Rio Tinto copper output hit hard by Utah landslide, to fall 20%

Supply outages in US and Indonesia not enough to keep prices afloat

Mining giant Rio Tinto (ASX, LON, NYSE:RIO) expects output from Utah’s Bingham Canyon, its largest copper mine, to fall considerably as a consequence of the landslide that saw 150m tonnes of material fall into the pit.

Announcing its first-quarter production figures on Tuesday, the company said total mined copper production would be about 20% lower this year, falling by 125,000 tonnes to 540,000, due to the collapse of a large section of the pit wall at the Bingham Canyon mine, which supplies about 1% of copper to the global market.

However, the Anglo-Australian group said its two biggest investments —an expansion of its iron ore mines in Australia’s Pilbara region and development of the massive Oyu Tolgoi copper and gold deposit in Mongolia— remain on track.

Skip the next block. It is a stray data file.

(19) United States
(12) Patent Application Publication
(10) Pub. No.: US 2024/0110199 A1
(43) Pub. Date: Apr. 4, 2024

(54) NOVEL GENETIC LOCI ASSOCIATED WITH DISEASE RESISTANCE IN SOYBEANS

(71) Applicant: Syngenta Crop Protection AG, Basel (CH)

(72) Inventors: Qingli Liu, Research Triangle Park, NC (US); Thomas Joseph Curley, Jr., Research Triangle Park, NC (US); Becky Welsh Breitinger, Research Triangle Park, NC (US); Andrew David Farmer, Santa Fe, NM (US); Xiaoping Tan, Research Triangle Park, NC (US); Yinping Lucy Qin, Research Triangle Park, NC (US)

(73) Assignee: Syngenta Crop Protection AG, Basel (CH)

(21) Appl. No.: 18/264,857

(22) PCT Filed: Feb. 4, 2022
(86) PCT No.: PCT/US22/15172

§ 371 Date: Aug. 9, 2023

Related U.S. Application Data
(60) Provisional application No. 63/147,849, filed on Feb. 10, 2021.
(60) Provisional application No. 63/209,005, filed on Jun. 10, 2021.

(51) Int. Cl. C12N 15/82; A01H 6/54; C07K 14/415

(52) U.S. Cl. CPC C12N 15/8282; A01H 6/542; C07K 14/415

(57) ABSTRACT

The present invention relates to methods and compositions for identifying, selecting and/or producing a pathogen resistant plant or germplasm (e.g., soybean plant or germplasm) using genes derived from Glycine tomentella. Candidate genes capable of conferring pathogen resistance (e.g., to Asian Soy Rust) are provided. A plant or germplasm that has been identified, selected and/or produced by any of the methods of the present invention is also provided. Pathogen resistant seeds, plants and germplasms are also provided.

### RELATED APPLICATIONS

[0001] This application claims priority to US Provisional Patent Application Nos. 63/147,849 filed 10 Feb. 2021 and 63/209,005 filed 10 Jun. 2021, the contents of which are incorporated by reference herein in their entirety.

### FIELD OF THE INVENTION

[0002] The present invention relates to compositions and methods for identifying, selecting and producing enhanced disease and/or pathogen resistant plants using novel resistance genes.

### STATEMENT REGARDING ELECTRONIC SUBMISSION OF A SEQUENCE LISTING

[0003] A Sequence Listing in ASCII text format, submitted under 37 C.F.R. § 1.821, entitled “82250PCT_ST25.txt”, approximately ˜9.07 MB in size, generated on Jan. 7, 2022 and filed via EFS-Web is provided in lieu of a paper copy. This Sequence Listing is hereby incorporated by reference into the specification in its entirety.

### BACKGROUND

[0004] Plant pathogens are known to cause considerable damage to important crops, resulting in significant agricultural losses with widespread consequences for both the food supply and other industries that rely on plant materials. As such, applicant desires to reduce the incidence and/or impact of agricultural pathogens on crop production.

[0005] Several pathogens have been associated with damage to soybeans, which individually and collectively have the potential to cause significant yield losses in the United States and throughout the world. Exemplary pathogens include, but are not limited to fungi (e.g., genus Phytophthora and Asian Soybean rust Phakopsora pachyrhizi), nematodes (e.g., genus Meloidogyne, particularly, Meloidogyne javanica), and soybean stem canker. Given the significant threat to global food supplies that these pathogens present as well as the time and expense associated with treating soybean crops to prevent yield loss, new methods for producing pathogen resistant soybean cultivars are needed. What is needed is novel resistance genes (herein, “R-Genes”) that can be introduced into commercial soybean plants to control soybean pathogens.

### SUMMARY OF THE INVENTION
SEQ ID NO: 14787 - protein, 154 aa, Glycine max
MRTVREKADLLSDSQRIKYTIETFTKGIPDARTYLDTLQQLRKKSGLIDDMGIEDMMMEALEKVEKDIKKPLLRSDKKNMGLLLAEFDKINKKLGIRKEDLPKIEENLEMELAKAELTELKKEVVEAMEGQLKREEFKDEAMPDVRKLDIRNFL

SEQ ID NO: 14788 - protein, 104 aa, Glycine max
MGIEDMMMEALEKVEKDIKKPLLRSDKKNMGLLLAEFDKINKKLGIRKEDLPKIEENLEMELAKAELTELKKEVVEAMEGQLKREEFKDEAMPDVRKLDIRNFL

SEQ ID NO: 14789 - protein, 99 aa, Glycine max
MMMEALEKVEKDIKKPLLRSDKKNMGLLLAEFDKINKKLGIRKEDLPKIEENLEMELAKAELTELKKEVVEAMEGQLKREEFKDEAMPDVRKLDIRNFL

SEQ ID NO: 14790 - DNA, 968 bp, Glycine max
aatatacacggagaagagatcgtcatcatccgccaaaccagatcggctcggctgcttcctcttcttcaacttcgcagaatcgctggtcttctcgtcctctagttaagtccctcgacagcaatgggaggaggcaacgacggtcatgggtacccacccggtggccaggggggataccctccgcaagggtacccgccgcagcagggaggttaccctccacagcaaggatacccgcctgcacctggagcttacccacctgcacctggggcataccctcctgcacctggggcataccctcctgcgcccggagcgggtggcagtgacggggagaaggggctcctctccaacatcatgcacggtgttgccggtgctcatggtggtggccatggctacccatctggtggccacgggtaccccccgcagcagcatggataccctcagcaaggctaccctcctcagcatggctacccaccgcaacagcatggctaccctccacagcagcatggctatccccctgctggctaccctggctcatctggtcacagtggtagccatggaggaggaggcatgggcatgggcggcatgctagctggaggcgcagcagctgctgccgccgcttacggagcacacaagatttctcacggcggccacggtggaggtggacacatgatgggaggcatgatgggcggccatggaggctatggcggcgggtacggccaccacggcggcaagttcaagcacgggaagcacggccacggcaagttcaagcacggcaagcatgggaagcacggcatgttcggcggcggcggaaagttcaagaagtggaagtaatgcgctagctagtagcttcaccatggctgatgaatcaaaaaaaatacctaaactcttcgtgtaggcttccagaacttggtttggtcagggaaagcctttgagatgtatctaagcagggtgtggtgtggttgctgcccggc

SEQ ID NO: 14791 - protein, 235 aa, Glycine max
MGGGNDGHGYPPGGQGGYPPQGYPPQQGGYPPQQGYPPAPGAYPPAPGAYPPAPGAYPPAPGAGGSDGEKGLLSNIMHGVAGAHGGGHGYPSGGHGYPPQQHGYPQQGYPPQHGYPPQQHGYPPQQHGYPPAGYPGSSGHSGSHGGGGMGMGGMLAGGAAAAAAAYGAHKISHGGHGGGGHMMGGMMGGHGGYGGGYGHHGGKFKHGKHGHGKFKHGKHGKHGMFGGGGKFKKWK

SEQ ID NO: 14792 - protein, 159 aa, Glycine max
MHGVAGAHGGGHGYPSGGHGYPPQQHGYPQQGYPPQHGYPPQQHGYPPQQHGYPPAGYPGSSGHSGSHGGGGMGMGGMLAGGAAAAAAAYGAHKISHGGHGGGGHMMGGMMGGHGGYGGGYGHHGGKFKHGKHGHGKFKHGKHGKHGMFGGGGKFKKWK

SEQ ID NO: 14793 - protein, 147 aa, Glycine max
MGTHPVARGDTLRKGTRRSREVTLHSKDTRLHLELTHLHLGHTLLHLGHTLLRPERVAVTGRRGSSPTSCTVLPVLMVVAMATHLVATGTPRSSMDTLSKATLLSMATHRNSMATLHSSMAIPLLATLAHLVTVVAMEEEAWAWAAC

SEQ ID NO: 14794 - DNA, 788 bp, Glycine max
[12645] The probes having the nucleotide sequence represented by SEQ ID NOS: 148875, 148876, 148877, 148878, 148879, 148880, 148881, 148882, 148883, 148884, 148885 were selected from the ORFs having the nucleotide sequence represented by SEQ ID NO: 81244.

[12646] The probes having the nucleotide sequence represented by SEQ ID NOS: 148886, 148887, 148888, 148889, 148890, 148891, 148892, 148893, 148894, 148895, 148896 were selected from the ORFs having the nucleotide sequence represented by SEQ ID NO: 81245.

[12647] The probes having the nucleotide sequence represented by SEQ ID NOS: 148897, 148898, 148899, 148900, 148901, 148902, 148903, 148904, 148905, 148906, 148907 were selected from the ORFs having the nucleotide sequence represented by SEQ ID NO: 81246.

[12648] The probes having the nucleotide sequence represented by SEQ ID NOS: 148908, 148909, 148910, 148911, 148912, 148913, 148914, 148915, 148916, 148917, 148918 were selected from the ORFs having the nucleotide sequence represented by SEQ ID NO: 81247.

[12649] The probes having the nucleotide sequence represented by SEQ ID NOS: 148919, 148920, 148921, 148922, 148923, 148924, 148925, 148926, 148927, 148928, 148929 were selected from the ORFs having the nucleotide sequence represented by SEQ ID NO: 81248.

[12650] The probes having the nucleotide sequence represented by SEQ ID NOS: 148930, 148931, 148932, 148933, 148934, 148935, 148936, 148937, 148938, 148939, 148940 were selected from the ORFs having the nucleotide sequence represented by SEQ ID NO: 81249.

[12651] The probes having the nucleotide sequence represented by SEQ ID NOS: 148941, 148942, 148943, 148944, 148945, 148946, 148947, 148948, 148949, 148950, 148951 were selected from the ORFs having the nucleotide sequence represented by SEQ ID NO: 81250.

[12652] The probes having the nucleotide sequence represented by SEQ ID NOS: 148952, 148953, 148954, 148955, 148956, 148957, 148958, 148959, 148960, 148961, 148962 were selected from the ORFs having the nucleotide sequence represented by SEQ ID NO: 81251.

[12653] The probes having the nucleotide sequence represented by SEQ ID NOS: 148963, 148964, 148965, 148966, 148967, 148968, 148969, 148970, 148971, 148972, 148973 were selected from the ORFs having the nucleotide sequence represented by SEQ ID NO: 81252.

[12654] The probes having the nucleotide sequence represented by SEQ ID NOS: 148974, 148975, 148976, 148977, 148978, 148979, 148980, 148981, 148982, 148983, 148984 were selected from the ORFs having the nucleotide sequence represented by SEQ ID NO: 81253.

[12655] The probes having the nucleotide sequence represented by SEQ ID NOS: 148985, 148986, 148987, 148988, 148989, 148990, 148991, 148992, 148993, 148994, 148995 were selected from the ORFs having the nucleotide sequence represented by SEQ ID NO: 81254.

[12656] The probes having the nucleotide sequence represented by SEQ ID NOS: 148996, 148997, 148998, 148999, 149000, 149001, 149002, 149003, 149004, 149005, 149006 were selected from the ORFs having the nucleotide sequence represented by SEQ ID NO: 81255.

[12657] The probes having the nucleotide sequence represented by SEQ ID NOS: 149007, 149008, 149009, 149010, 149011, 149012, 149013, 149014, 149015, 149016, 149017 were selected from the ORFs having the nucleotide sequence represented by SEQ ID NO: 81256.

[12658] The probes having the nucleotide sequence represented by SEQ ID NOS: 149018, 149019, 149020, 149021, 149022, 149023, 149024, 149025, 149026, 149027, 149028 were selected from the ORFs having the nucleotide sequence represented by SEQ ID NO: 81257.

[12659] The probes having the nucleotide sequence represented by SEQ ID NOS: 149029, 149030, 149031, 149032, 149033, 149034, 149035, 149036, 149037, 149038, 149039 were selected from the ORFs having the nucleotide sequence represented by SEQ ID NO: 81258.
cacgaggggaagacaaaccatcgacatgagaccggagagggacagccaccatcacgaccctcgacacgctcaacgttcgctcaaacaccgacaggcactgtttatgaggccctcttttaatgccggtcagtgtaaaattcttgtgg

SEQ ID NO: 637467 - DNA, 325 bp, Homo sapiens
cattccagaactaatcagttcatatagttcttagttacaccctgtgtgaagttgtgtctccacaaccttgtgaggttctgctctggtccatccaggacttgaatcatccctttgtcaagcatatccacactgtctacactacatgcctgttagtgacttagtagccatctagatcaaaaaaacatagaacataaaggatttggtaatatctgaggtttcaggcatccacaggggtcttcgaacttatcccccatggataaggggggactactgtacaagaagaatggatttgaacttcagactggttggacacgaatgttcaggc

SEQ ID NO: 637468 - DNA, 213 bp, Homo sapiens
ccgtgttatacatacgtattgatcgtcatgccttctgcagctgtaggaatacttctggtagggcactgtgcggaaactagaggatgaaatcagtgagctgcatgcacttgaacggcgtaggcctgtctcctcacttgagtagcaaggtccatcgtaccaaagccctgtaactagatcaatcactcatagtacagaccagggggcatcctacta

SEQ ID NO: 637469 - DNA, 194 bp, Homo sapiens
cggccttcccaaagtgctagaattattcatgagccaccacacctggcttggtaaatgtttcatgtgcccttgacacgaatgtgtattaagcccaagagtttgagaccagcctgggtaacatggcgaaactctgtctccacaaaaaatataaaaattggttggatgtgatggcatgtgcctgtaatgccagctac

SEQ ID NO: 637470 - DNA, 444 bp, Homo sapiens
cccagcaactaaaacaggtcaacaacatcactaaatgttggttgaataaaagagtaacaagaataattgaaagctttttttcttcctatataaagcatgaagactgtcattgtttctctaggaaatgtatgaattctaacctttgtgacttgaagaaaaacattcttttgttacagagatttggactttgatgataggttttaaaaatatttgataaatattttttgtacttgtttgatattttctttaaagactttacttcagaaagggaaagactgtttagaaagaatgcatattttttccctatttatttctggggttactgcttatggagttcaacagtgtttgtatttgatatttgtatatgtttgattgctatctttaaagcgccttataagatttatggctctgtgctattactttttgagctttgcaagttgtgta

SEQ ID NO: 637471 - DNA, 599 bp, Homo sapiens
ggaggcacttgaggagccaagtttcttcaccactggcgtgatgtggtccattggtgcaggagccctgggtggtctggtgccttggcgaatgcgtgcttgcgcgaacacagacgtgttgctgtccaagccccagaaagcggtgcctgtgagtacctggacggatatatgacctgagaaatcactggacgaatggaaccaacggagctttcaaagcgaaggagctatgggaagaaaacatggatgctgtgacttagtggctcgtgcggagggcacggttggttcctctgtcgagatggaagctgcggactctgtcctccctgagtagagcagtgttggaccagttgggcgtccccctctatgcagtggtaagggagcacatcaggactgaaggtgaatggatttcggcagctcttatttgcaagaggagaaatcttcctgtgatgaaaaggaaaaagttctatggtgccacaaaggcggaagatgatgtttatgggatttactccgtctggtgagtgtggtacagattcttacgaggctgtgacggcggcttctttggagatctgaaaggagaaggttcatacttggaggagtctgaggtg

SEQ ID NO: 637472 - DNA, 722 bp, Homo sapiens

The miner, in fact, revealed a spike in first-quarter production, which sent the shares up 1.9% to 3,028p in London and received a pre-market gain estimated in 4.6% to $46.40 this morning in New York.

Its share of copper production had grown 6% on the year to 80,500 tons in the three months through March, boosted by higher output from the Escondida mine in Chile, which is operated by BHP Billiton Ltd. (ASX, NYSE:BHP).

Rio is looking to rebuild confidence with investors after a series of writedowns on ill-timed acquisitions. With this purpose, the miner is committed to reducing costs by $2bn this year and by an additional $3bn in 2014. It has also promised investors “significant” cash flow from the sale of non-core assets this year. These include a few Australian coal operations, worth more than $4bn, which were recently put up for sale.

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